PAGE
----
Best option right now? [Haibike FullFatSix]

Dmitri

Active Member
At the time of writing (2018), what's the best option for buying/making a fatbike? At the moment, I'm prepared to consider the following:
  • Haibike FullFat (yes I want dual-sus). The only thing that annoys me is the lack of dual battery, which for a fatbike seems to be an absolute must.
  • Luna Apex. I don't really like Luna or their attitude towards other bike manufacturers, but I wouldn't mind trying out their Apex bike. Except they don't ship internationally.
  • Electrifying my Salsa Blackborow using a Bafang kit. I've never done anything like this but it could be fun... if only I knew where to start.
I'm open to other ideas. And yeah I'm in Europe just in case you want to suggest something.
 

Ravi Kempaiah

Well-Known Member
Electrifying my Salsa Blackborow using a Bafang kit.
I have thought about this.
You can make a kickass bike with Bafang BBS-HD, 52V, 30Ah battery from EM3EV.
It may not be very refined in terms of ride experience, but it will be VERY capable and have huge range.
 

Dmitri

Active Member
I have thought about this.
You can make a kickass bike with Bafang BBS-HD, 52V, 30Ah battery from EM3EV.
It may not be very refined in terms of ride experience, but it will be VERY capable and have huge range.
Yes, the bike has space for a massive battery. However, the way the frame bends, a mid-drive would have to be pointing down somewhat. Maybe a hub motor makes more sense, I don't know...
 

Alaskan

Well-Known Member
Considerations: First with full suspension you are basically looking at what the manufacturers define as a mountain bike. Second, to my knowledge the only full suspension ebike with two batteries is one you already own...the R&M Delight.

When I was in the choose and decide phase I test rode a bunch of bike down in Seattle. One of the most impressive, in terms of ride was the hardtail mountain bike Cube Reaction Race 500 with a Bosch CX 500 watt battery and Shimano Diore XT 11 speed. It was vigorous in assist, very stable in the turns, felt solid and responsive. It uses the old style, more universal Bosch battery and integrates it into the down tube in a very attractive way. You could mount a beam rack on the seat post with a trunk bag that could hold your second battery. It does come with the Purion display/control which I would swap out for a Nyon. https://www.cube.eu/en/2018/e- bikes/mountain/hardtail/reaction/cube-reaction-hybrid-race-500-blacknblue-2018/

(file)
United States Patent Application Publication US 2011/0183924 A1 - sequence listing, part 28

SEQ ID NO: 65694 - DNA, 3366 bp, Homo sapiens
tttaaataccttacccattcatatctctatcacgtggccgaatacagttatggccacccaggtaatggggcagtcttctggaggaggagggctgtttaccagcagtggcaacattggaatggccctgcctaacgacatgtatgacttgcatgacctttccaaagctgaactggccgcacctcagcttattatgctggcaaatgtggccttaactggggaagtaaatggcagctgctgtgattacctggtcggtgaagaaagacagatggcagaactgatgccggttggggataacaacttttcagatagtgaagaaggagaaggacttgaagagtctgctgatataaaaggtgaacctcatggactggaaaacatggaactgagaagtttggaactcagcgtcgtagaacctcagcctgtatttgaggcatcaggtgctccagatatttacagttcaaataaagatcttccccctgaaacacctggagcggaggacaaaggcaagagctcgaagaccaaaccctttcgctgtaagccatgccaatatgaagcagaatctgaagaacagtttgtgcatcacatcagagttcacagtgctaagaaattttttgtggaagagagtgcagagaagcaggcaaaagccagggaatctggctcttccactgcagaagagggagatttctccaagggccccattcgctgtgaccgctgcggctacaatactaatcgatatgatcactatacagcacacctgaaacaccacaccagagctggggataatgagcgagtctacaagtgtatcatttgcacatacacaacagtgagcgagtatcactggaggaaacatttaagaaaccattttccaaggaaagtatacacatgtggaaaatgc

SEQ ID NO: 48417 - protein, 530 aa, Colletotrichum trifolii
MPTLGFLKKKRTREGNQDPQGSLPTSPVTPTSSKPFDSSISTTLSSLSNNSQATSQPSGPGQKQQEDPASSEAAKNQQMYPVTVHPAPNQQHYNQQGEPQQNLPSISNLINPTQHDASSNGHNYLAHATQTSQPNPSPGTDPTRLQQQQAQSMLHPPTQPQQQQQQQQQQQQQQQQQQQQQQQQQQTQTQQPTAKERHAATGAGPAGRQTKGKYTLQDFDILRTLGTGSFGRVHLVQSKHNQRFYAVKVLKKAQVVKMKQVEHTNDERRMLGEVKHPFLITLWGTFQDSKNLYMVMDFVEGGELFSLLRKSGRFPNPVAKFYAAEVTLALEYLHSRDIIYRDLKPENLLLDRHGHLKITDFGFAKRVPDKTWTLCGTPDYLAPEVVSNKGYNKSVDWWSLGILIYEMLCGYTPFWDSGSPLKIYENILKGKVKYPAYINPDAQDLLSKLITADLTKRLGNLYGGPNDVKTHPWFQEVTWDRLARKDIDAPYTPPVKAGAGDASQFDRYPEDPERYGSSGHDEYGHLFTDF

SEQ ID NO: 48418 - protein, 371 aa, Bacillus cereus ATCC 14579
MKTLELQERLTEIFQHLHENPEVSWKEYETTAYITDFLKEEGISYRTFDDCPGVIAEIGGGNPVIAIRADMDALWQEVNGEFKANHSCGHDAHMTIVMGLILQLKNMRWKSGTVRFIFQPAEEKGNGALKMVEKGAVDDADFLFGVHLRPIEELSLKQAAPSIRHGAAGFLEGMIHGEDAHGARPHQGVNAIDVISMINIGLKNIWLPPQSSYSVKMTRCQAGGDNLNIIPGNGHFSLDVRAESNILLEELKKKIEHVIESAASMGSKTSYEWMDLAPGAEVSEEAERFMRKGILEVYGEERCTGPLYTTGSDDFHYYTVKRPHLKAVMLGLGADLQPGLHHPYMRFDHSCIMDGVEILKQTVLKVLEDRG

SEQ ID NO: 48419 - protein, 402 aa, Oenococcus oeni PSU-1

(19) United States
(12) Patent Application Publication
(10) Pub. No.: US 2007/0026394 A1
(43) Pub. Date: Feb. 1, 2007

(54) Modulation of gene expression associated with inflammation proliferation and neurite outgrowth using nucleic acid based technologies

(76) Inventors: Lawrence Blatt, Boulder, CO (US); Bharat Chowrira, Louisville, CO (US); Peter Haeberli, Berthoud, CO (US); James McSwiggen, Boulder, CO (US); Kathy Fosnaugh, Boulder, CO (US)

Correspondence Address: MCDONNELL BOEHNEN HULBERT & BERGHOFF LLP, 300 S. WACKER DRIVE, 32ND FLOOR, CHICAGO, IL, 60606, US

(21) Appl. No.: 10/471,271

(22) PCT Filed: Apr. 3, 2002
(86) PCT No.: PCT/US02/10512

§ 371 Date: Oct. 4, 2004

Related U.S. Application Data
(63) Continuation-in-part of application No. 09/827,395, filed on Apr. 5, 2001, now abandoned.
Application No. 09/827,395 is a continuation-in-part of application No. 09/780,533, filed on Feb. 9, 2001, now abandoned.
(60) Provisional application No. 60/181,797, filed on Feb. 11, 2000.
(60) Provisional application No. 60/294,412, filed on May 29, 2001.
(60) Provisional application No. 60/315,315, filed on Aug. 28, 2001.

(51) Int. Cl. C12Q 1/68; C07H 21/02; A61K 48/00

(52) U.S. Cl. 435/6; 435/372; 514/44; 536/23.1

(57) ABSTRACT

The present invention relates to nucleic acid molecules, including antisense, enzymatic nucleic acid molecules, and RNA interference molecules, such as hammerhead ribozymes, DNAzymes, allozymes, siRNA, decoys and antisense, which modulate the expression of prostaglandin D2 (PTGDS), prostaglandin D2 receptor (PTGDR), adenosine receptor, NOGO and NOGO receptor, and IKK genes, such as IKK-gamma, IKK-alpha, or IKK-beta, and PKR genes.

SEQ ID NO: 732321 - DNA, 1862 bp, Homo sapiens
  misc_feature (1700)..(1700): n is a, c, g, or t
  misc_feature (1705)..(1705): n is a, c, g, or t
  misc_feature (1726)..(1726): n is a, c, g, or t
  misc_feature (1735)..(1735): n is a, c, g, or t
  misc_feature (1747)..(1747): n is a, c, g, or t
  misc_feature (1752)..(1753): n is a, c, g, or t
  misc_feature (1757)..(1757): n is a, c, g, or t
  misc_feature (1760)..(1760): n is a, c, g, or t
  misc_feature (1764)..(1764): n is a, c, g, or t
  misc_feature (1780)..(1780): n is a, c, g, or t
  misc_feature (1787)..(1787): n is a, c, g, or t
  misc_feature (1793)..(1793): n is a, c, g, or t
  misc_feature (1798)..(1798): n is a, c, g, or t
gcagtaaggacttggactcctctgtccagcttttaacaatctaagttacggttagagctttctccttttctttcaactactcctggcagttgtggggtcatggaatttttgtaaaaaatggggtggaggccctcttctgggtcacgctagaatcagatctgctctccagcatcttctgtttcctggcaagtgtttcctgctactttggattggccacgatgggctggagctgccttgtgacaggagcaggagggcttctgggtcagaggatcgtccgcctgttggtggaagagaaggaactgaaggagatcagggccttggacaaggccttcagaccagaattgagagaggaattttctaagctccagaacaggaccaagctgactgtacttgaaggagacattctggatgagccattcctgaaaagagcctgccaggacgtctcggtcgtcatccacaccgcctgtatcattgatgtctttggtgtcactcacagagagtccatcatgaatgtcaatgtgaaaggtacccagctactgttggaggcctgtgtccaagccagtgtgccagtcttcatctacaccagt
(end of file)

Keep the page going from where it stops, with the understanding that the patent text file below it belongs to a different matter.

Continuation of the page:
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Although I am awaiting a Riese & Muller (it has been six weeks so far) I was able to buy a new 2017 Cube Touring Hybrid Exc 500 on eBay for the cost of the 500 watt battery. It has the Bosch CX with the same Shimano Diore XT 11 speed 11-46. In my estimation this is a killer combination. I can spin it up to 35 mph going down 6 percent grade and go up a 12 percent grade at 10 mph in second gear. Shifting is smooth and powerful.

Cube does have a fat tire version but it is a hardtail, not full suspension. https://www.cube.eu/en/2018/e-bikes/mountain/hardtail/nutrail/cube-nutrail-hybrid-500-iridiumnred-2018/
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Cube has a nice range of full suspension ebikes in their lineup https://www.cube.eu/en/2018/e-bikes/mountain/fullsuspension/ I would consider taking the bike below, putting fatter tires on it, adding a beamstyle rear rack with a trunk bag and a second battery, replace the Purion with a Nyon add some good fenders and lights. I think it would all add up to a really great bike.
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rich c

Well-Known Member